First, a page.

Taste on Chestnut was experiencing a mid-afternoon lull when equal parts chef and owner, Steve Leviton, invited me to sit across from him at one of the white table-clothed tables in front. The cozy dining area—with its mocha-colored walls, blue table napkins, and modern artwork—was a nice compliment to the admittedly lavish, up-tempo American cuisine Leviton had laid out on the table.
If you’re looking for a “downtown feel” out of your restaurant, look no further than Winnetka’s newest fine-dining experience. Leviton wants his customers to ‘Taste’ with their eyeballs as well as their palates: a benchmark you can aspire to when you’re a chef with more than 20 years experience in chalets and auberges, hotels and private clubs.
Leviton studied in the kitchen of one of Switzerland’s most famous restaurants, Auberge du Lion d’Or on Lake Geneva; and Moulin de Mougins, a 16th century mill turned restaurant on the French Riviera. (In 1977, the famed French chef and Michelin-star whisperer, Alain Ducasse, worked there as an assistant, where he learned the Provençal-style cooking methods for which he later became renowned.) At each, respectfully, Leviton received certificates in the culinary arts.
But he’s also a local boy through and through. At age 12, Leviton learned how to cook from the short order cooks at a Skokie deli. Growing up five miles away in Evanston means Leviton is well aware of the storied history in this space, with the precursor to Taste on Chestnut being Jerry’s/Corner Cook’s. Patrons of Jerry’s will be glad to know Leviton has kept the original space’s open kitchen layout intact, which means diners can watch the chef’s prepare their meal right before their very eyes.
In January they will celebrate their one-year anniversary. Has anything changed, I asked him, since opening the restaurant?
“We certainly evaluate all the time: this is a restaurant that people like dining at; people like eating here,” said Leviton. “They like breaking apart our menu because there are so many interesting things to it: people like having entrees for appetizers, they like having entrée salads being shared at the table, they’re not afraid to have what they like and have it the way they like to have it.”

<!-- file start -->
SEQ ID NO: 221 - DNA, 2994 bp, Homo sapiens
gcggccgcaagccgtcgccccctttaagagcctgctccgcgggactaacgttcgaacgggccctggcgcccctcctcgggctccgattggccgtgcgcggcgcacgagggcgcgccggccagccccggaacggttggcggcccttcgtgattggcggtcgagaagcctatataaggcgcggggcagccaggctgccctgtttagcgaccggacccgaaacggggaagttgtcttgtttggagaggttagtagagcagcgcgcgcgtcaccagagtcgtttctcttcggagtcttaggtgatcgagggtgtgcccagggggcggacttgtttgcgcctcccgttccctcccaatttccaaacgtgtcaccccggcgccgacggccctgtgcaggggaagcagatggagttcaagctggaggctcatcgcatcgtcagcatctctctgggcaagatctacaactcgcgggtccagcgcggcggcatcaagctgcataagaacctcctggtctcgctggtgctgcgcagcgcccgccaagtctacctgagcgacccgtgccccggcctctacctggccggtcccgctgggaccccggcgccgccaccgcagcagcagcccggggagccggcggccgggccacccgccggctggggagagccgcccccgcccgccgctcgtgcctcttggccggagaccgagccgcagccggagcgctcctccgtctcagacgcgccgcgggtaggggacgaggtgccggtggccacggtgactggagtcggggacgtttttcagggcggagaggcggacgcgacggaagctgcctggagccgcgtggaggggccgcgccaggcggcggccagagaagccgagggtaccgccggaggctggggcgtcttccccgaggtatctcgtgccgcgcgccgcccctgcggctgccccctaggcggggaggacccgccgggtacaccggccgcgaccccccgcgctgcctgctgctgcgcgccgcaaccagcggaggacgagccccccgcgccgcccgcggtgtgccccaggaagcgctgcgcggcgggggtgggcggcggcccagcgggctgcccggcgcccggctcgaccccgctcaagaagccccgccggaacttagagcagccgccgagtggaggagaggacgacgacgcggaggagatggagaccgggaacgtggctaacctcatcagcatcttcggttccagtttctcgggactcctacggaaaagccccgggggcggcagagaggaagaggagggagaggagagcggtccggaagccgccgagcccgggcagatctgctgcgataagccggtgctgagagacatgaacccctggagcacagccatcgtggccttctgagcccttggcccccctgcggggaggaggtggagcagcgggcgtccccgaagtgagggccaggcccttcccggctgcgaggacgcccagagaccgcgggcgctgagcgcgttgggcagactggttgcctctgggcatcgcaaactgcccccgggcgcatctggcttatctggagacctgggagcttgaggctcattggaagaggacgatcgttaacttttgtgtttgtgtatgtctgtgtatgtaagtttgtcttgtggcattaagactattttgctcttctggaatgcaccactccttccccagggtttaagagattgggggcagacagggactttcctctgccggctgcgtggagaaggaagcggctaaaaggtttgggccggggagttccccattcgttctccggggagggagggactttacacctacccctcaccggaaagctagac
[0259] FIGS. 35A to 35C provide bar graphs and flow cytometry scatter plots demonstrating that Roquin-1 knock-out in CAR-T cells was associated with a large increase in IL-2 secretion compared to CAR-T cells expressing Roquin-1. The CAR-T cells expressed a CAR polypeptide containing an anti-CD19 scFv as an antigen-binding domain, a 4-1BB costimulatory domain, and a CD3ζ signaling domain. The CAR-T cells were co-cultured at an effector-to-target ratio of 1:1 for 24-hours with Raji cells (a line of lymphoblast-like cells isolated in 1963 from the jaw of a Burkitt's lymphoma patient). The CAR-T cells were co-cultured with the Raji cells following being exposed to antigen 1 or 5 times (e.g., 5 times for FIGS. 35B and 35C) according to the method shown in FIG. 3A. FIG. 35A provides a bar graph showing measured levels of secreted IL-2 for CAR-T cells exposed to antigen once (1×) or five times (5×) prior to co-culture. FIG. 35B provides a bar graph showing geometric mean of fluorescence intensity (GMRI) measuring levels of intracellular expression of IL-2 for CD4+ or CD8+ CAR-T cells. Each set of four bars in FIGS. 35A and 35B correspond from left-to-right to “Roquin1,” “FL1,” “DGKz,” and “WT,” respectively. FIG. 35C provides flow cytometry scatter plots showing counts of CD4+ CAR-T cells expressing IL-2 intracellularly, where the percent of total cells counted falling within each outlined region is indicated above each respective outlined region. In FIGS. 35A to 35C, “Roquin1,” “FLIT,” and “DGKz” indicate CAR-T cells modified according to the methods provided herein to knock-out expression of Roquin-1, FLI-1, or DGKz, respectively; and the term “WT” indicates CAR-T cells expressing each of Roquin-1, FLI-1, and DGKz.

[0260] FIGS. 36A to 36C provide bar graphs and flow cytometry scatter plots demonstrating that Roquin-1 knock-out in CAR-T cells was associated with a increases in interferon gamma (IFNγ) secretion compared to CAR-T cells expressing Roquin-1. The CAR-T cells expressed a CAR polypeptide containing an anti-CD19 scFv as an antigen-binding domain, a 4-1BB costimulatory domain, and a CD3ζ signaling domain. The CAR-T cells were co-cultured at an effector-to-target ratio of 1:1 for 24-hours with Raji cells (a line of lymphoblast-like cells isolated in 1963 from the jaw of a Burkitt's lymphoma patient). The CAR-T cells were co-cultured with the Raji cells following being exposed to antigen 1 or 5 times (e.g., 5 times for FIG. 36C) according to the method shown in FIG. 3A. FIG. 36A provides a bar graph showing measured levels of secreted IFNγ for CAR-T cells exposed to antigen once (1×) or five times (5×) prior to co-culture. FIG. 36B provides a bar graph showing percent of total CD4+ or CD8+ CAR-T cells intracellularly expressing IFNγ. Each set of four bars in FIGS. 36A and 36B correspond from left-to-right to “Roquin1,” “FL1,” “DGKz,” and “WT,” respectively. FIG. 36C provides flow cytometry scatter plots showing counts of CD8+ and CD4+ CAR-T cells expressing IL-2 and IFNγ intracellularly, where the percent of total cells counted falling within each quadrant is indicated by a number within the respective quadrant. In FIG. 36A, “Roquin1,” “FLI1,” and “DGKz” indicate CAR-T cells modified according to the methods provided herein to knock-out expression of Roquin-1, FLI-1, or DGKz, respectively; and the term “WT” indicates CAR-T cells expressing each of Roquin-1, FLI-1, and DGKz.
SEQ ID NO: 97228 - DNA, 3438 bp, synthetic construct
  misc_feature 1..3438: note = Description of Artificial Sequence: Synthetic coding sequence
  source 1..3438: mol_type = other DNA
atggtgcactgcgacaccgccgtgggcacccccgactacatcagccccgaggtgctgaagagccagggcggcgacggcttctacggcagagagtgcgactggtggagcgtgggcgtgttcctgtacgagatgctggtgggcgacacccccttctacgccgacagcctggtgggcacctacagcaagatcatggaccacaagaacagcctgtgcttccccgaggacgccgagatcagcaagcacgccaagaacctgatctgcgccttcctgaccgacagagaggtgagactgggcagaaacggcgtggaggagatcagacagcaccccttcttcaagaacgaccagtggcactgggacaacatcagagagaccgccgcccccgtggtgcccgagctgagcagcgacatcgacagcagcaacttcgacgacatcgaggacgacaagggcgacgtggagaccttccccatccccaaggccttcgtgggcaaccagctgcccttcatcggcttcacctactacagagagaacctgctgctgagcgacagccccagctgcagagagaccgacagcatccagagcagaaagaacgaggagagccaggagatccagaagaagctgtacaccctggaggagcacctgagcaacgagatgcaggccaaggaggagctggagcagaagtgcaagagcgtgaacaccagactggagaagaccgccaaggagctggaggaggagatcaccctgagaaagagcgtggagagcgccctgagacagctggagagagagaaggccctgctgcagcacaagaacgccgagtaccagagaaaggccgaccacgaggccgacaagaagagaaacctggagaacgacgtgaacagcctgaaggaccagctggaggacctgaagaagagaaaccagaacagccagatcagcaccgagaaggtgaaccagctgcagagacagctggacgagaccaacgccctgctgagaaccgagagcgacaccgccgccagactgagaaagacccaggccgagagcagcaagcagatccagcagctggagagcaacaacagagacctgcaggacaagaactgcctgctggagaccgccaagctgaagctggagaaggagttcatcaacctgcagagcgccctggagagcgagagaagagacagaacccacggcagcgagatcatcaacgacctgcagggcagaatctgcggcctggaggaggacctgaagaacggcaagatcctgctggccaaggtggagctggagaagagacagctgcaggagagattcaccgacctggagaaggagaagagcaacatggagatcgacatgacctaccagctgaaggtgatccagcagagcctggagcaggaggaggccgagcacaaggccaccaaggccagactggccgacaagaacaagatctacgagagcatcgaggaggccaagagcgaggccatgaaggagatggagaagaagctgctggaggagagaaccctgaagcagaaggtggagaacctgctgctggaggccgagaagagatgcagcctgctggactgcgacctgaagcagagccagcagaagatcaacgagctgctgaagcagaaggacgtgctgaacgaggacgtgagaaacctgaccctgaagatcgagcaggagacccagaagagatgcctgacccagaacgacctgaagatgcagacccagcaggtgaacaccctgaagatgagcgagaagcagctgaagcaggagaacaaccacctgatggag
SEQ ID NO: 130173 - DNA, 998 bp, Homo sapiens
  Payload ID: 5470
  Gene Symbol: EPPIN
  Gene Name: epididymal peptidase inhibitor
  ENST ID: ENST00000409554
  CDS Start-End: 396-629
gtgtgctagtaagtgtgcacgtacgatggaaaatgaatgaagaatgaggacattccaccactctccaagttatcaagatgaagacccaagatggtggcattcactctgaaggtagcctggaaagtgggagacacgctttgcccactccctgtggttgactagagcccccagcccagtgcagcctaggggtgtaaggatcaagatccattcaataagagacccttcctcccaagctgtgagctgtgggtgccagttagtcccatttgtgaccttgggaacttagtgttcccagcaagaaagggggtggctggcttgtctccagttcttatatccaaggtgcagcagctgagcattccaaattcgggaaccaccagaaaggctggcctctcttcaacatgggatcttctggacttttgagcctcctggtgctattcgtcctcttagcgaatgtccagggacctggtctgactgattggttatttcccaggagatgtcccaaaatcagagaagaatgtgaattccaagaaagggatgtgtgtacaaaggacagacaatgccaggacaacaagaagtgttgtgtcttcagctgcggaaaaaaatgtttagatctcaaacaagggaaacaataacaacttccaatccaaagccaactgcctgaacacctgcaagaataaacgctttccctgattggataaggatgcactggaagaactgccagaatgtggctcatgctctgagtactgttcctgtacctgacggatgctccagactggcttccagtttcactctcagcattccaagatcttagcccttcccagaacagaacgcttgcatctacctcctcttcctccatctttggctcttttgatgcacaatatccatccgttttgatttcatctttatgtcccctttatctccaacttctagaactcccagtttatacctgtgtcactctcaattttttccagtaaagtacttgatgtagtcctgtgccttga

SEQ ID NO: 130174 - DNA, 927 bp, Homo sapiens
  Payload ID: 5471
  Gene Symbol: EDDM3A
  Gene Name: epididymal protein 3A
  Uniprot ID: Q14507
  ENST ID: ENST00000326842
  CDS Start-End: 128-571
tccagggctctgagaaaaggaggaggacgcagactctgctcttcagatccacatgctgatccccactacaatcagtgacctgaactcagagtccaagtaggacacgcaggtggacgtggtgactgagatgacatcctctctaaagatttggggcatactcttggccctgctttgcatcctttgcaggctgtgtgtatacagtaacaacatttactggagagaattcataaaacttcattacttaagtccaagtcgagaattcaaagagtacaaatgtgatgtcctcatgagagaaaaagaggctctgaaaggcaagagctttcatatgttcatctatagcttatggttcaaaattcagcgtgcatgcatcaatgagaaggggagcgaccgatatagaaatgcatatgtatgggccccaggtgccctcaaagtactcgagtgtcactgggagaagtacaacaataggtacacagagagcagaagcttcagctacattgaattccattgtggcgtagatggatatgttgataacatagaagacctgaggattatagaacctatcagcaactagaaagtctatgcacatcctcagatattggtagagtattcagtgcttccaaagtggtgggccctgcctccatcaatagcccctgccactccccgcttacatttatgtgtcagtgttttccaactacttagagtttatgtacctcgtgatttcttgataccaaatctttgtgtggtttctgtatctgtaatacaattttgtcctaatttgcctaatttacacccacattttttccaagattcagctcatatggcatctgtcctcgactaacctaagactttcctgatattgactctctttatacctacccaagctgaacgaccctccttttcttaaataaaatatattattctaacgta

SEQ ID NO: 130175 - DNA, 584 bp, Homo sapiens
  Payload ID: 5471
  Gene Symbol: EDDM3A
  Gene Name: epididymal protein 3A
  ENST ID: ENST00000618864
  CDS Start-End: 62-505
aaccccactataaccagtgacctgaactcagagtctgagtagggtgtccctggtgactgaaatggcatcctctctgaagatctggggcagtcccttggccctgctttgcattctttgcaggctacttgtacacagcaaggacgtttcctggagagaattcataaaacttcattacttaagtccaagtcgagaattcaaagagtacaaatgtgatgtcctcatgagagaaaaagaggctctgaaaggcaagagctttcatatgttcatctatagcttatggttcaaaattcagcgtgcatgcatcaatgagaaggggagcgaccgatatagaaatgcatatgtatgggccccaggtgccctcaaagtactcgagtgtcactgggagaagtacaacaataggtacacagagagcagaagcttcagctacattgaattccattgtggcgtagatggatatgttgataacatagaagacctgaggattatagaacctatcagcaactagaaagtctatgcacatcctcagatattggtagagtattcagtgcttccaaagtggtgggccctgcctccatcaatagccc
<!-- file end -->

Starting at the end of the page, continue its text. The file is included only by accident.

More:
Professional experience working as executive chef at Kiki’s Bistro and Wolfgang Puck Catering in Chicago, as well as director of dining in country clubs along the North Shore, Leviton has a wealth of recipes he brought with him to Taste on Chestnut. One of which is the creamy lobster pappardelle—or large, very broad, flat past noodles, similar to wide fettuccine. The name derives from the Italian verb “pappare”, to gobble up.
Which is exactly what in-house diners and those who make this dish at home will be very keen on doing.
Taste on Chestnut is located at 505 Chestnut Street in Winnetka. For more information, to view their menu or make a reservation, please visit tasteonchestnut.com or call 847-441-0134.
TOTAL TIME: 20 minutes
Taste on Chestnut’s Lobster Pappardelle
1 pound pappardelle noodles, cooked
1 quart chicken stock
1 cup parmesan cheese
1 tablespoon truffle oil
6 asparagus, blanched and bias cut
2 Portobello mushrooms, roasted and diced
1 lobster tail boiled
In a medium pan heat chicken stock. Add parmesan cheese and reduce to half. Add asparagus and mushrooms. Add pappardelle, finish with truffle oil and parmesan.
Place in a dish bowl and place lobster tail on top of pasta. Garnish with parmesan and tarragon.
From The North Shore Weekend newspaper.